During the 1940s, ''The Progressive'' adopted an anti-Stalinist view of the Soviet Union. During the early 1940s the magazine argued that the United States should stay out of World War Two. Following the Attack on Pearl Harbor, ''The Progressive'' declared its support for the American war effort. However, ''The Progressive'' also condemned the dropping of the atom bomb on Hiroshima, in contrast to both ''The Nation'' and ''The New Republics support for the bombing. ''The Progressive'' reprinted an essay from ''The Christian Science Monitor'' by Richard Lee Strout arguing that by using the bombs, "The United States has incurred a terrible responsibility to history which now, unfortunately, can never be withdrawn". In 1947, ''The Progressive's'' editors announced they were suspending publication. However, after readers raised $40,000 to save the magazine, ''The Progressive'' returned as a monthly magazine issued as a non-profit venture. In the 1950s, ''The Progressive'' dedicated itself to combating McCarthyism, although the magazine agreed that the U.S. government had the right to blacklist members of the Communist Party. ''The Progressive'' issued a special issue criticizing McCarthy, ''McCarthy: A Documented Record'' in 1954; sections from the issue were read aloud in the U.S. Senate, and it became the magazine's best-selling issue. ''The Progressive'' also criticized U.S. nuclear policy and clandestine CIA activity in this period. In the 1960s, it was a platform for the American civil rights movement, publishing five different articles by Martin Luther King Jr., and publishing James Baldwin's open letter "My Dungeon Shook - Letter to my Nephew on the One Hundredth Anniversary of Emancipation", the first section of ''The Fire Next Time''. ''The Progressive'' also devoted much of its articles to denouncing U.S. involvement in Indochina. 1984 saw ''The Progressive'' publish "Behind the Death Squads" by Allan Nairn, a critique of U.S. policy in El Salvador. ''The Progressive'' opposed the Persian Gulf War, accusing the George H. W. Bush Administration of rejecting any options for peaceful negotiation of the crisis. While condemning Saddam Hussein's government for its abuse of human rights, it accused the Bush administration of hypocrisy for not taking action against other governments which also abused human rights. The magazine also argued against the second Iraq War.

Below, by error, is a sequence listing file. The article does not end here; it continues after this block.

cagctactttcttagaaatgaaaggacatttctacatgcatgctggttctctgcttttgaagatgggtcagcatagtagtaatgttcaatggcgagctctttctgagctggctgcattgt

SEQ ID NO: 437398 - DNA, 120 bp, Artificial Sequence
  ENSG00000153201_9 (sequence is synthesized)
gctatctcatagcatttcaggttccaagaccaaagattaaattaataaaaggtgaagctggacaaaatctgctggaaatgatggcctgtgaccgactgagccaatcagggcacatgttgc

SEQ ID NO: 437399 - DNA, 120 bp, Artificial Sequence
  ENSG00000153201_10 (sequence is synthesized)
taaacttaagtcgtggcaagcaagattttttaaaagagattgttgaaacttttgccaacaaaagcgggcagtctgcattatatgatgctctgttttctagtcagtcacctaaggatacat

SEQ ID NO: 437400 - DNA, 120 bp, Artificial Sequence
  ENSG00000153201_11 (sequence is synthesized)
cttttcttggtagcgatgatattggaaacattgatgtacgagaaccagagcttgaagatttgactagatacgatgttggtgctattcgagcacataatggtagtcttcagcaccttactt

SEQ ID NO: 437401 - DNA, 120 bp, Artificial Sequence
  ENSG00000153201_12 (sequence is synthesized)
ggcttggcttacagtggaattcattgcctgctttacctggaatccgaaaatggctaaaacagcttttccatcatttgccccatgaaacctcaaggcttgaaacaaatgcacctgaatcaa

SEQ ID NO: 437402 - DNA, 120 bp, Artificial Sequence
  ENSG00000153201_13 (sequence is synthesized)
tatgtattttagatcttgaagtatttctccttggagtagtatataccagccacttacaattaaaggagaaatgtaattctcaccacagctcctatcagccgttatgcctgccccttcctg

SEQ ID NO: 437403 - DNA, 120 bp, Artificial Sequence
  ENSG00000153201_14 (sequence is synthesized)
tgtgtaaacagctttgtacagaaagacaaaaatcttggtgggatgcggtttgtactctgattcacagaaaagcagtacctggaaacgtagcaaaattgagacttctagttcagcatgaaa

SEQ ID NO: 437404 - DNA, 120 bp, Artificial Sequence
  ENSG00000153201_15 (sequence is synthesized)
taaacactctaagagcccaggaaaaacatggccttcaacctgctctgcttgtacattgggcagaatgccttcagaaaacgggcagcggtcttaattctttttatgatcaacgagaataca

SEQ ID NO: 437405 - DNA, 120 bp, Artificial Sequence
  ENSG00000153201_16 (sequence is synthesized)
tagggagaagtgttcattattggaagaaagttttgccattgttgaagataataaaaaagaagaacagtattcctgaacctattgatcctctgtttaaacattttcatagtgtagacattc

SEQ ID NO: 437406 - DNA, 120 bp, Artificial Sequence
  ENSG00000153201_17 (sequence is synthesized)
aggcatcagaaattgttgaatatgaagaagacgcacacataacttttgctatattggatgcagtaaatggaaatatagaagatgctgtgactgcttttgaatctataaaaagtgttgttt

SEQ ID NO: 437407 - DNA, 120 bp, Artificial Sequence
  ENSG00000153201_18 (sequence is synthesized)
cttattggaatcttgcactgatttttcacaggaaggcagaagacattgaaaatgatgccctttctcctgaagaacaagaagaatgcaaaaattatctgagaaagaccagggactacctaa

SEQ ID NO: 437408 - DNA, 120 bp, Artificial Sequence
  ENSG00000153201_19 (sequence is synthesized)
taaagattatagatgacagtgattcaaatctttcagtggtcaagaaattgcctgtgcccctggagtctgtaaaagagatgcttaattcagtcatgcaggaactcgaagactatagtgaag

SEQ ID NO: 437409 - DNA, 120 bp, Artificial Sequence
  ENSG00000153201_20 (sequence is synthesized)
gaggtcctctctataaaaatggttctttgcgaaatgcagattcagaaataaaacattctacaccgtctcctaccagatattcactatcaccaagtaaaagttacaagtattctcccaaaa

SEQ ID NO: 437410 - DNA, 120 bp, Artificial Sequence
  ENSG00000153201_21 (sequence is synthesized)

''United States v. Progressive, Inc.''

In 1979, ''The Progressive'' gained national attention for its article by Howard Morland, "The H-bomb Secret: How we got it and why we're telling it", which the U.S. government suppressed for six months because it contained classified information. The magazine prevailed in a landmark First Amendment case of prior restraint, ''United States v. Progressive, Inc.''.


2011 Wisconsin protests


Located a few blocks from the Wisconsin State Capitol, ''The Progressive'' covered the protests that began in February 2011 in response to Governor Scott Walker's Wisconsin budget repair bill. ''Madison Magazine'' named ''The Progressive's'' political editor Ruth Conniff as one of its Editors' Choice in 2011 for her "frontline dispatches from inside and outside the State Capitol and the courtroom across the street".


100th anniversary


For its 100th year in print, the magazine published a book featuring "some of the best writing in ''The Progressive'' from 1909 to 2009" titled ''Democracy in Print'', published by the University of Wisconsin Press.


Circulation


Although circulation had fallen to the level of 27,000 subscribers in 1999, by April 2004, following the Iraq War, circulation reached a record 65,000. By 2010, circulation had settled near 47,000.


Notable contributors


Throughout the years, ''The Progressive'' has published articles by Jane Addams, James Baldwin, Louis Brandeis, Noam Chomsky, Clarence Darrow, John Kenneth Galbraith, Charles V. Hamilton, Nat Hentoff, Seymour Hersh, Molly Ivins, June Jordan, Helen Keller, Martin Luther King Jr., Sidney Lens,Advertisement for ''The Progressive'', ''Mother Jones'' magazine, August 1976, p.4. Jack London, Milton Mayer, A.J. Muste, George Orwell, Marcus Raskin, Bertrand Russell, Edward Said, Carl Sandburg, Upton Sinclair, Lincoln Steffens, I.F. Stone, Norman Thomas, George Wald, James Wechsler and Howard Zinn. It has also published liberal politicians such as Russ Feingold, J. William Fulbright, Dennis Kucinich, George McGovern, Bernie Sanders, Adlai Stevenson, and Paul Wellstone.

References



External links

* {{DEFAULTSORT:Progressive Category:Alternative magazines Category:Modern liberal magazines published in the United States Category:Monthly magazines published in the United States Category:Political magazines published in the United States Category:Progressivism in the United States Category:Magazines established in 1909 Category:Magazines published in Wisconsin Category:Mass media in Madison, Wisconsin